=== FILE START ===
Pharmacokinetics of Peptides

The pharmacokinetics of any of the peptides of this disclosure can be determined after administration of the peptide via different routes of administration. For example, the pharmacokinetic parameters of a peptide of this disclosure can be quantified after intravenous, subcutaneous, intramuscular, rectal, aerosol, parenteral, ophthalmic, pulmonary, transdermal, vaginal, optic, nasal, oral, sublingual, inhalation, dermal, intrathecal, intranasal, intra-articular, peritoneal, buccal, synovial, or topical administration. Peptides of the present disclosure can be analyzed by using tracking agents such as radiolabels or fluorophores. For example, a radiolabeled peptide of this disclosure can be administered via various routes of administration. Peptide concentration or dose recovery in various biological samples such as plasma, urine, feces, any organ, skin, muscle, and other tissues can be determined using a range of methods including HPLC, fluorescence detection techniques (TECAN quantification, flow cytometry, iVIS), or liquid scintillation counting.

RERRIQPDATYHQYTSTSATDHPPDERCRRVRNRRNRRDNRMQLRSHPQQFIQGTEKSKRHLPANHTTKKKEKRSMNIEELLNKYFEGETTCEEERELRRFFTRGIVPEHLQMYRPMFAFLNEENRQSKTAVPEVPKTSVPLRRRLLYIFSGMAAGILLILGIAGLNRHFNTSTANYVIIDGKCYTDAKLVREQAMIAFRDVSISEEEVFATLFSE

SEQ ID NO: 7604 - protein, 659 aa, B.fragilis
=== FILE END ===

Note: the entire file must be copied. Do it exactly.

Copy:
Pharmacokinetics of Peptides

The pharmacokinetics of any of the peptides of this disclosure can be determined after administration of the peptide via different routes of administration. For example, the pharmacokinetic parameters of a peptide of this disclosure can be quantified after intravenous, subcutaneous, intramuscular, rectal, aerosol, parenteral, ophthalmic, pulmonary, transdermal, vaginal, optic, nasal, oral, sublingual, inhalation, dermal, intrathecal, intranasal, intra-articular, peritoneal, buccal, synovial, or topical administration. Peptides of the present disclosure can be analyzed by using tracking agents such as radiolabels or fluorophores. For example, a radiolabeled peptide of this disclosure can be administered via various routes of administration. Peptide concentration or dose recovery in various biological samples such as plasma, urine, feces, any organ, skin, muscle, and other tissues can be determined using a range of methods including HPLC, fluorescence detection techniques (TECAN quantification, flow cytometry, iVIS), or liquid scintillation counting.

RERRIQPDATYHQYTSTSATDHPPDERCRRVRNRRNRRDNRMQLRSHPQQFIQGTEKSKRHLPANHTTKKKEKRSMNIEELLNKYFEGETTCEEERELRRFFTRGIVPEHLQMYRPMFAFLNEENRQSKTAVPEVPKTSVPLRRRLLYIFSGMAAGILLILGIAGLNRHFNTSTANYVIIDGKCYTDAKLVREQAMIAFRDVSISEEEVFATLFSE

SEQ ID NO: 7604 - protein, 659 aa, B.fragilis